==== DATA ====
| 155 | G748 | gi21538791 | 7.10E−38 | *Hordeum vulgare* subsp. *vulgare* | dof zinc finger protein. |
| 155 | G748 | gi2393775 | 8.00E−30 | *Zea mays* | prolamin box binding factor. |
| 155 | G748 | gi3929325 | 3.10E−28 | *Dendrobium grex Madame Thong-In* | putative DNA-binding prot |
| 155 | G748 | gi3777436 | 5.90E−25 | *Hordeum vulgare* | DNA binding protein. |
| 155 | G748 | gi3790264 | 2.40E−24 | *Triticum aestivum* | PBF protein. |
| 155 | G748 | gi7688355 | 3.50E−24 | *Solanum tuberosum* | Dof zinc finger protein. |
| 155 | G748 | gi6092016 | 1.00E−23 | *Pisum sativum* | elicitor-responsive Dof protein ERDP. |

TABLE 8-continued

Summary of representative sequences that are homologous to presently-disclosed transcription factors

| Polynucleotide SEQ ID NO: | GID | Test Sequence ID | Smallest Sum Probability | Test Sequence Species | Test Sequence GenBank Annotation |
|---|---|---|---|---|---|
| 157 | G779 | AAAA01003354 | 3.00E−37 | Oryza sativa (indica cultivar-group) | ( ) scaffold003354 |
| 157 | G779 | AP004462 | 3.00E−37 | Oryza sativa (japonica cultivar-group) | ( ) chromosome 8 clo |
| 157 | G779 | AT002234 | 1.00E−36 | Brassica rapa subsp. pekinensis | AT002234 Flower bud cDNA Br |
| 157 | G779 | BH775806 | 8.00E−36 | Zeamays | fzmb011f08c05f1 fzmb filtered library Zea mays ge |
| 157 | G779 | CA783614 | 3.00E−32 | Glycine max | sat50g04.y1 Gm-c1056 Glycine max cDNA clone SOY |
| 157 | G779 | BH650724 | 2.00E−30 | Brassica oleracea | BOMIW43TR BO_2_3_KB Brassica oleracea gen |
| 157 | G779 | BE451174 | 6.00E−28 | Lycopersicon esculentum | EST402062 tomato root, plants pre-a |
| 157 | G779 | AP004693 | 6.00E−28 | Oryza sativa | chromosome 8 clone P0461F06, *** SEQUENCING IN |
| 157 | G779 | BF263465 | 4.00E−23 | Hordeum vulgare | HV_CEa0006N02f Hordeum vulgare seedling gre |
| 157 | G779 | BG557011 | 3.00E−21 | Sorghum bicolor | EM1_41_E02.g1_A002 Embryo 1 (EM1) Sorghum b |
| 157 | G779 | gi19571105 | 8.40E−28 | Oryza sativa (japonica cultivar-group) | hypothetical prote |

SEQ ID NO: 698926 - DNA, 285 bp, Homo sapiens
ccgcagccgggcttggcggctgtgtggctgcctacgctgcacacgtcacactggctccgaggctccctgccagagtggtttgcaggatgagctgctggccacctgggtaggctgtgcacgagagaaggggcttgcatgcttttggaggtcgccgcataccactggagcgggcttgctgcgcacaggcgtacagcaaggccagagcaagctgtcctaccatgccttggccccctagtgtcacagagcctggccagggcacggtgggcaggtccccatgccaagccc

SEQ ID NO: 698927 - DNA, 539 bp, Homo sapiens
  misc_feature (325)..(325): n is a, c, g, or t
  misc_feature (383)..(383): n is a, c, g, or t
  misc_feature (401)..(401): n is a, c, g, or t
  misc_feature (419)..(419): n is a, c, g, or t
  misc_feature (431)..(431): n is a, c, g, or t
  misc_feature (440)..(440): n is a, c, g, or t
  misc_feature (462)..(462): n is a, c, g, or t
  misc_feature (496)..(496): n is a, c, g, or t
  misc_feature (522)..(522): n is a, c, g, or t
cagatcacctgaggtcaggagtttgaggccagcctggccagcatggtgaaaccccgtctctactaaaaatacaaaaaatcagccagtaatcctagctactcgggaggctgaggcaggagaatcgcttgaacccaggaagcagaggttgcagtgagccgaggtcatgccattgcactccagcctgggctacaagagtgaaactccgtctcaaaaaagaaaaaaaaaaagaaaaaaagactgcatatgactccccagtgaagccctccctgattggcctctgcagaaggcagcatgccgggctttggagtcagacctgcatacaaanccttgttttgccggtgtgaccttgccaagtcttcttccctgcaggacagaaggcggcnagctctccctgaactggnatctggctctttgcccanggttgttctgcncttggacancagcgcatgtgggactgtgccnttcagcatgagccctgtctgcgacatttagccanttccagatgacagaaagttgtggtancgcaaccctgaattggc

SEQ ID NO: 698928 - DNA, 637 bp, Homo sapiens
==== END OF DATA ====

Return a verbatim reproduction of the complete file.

| 155 | G748 | gi21538791 | 7.10E−38 | *Hordeum vulgare* subsp. *vulgare* | dof zinc finger protein. |
| 155 | G748 | gi2393775 | 8.00E−30 | *Zea mays* | prolamin box binding factor. |
| 155 | G748 | gi3929325 | 3.10E−28 | *Dendrobium grex Madame Thong-In* | putative DNA-binding prot |
| 155 | G748 | gi3777436 | 5.90E−25 | *Hordeum vulgare* | DNA binding protein. |
| 155 | G748 | gi3790264 | 2.40E−24 | *Triticum aestivum* | PBF protein. |
| 155 | G748 | gi7688355 | 3.50E−24 | *Solanum tuberosum* | Dof zinc finger protein. |
| 155 | G748 | gi6092016 | 1.00E−23 | *Pisum sativum* | elicitor-responsive Dof protein ERDP. |

TABLE 8-continued

Summary of representative sequences that are homologous to presently-disclosed transcription factors

| Polynucleotide SEQ ID NO: | GID | Test Sequence ID | Smallest Sum Probability | Test Sequence Species | Test Sequence GenBank Annotation |
|---|---|---|---|---|---|
| 157 | G779 | AAAA01003354 | 3.00E−37 | Oryza sativa (indica cultivar-group) | ( ) scaffold003354 |
| 157 | G779 | AP004462 | 3.00E−37 | Oryza sativa (japonica cultivar-group) | ( ) chromosome 8 clo |
| 157 | G779 | AT002234 | 1.00E−36 | Brassica rapa subsp. pekinensis | AT002234 Flower bud cDNA Br |
| 157 | G779 | BH775806 | 8.00E−36 | Zeamays | fzmb011f08c05f1 fzmb filtered library Zea mays ge |
| 157 | G779 | CA783614 | 3.00E−32 | Glycine max | sat50g04.y1 Gm-c1056 Glycine max cDNA clone SOY |
| 157 | G779 | BH650724 | 2.00E−30 | Brassica oleracea | BOMIW43TR BO_2_3_KB Brassica oleracea gen |
| 157 | G779 | BE451174 | 6.00E−28 | Lycopersicon esculentum | EST402062 tomato root, plants pre-a |
| 157 | G779 | AP004693 | 6.00E−28 | Oryza sativa | chromosome 8 clone P0461F06, *** SEQUENCING IN |
| 157 | G779 | BF263465 | 4.00E−23 | Hordeum vulgare | HV_CEa0006N02f Hordeum vulgare seedling gre |
| 157 | G779 | BG557011 | 3.00E−21 | Sorghum bicolor | EM1_41_E02.g1_A002 Embryo 1 (EM1) Sorghum b |
| 157 | G779 | gi19571105 | 8.40E−28 | Oryza sativa (japonica cultivar-group) | hypothetical prote |

SEQ ID NO: 698926 - DNA, 285 bp, Homo sapiens
ccgcagccgggcttggcggctgtgtggctgcctacgctgcacacgtcacactggctccgaggctccctgccagagtggtttgcaggatgagctgctggccacctgggtaggctgtgcacgagagaaggggcttgcatgcttttggaggtcgccgcataccactggagcgggcttgctgcgcacaggcgtacagcaaggccagagcaagctgtcctaccatgccttggccccctagtgtcacagagcctggccagggcacggtgggcaggtccccatgccaagccc

SEQ ID NO: 698927 - DNA, 539 bp, Homo sapiens
  misc_feature (325)..(325): n is a, c, g, or t
  misc_feature (383)..(383): n is a, c, g, or t
  misc_feature (401)..(401): n is a, c, g, or t
  misc_feature (419)..(419): n is a, c, g, or t
  misc_feature (431)..(431): n is a, c, g, or t
  misc_feature (440)..(440): n is a, c, g, or t
  misc_feature (462)..(462): n is a, c, g, or t
  misc_feature (496)..(496): n is a, c, g, or t
  misc_feature (522)..(522): n is a, c, g, or t
cagatcacctgaggtcaggagtttgaggccagcctggccagcatggtgaaaccccgtctctactaaaaatacaaaaaatcagccagtaatcctagctactcgggaggctgaggcaggagaatcgcttgaacccaggaagcagaggttgcagtgagccgaggtcatgccattgcactccagcctgggctacaagagtgaaactccgtctcaaaaaagaaaaaaaaaaagaaaaaaagactgcatatgactccccagtgaagccctccctgattggcctctgcagaaggcagcatgccgggctttggagtcagacctgcatacaaanccttgttttgccggtgtgaccttgccaagtcttcttccctgcaggacagaaggcggcnagctctccctgaactggnatctggctctttgcccanggttgttctgcncttggacancagcgcatgtgggactgtgccnttcagcatgagccctgtctgcgacatttagccanttccagatgacagaaagttgtggtancgcaaccctgaattggc

SEQ ID NO: 698928 - DNA, 637 bp, Homo sapiens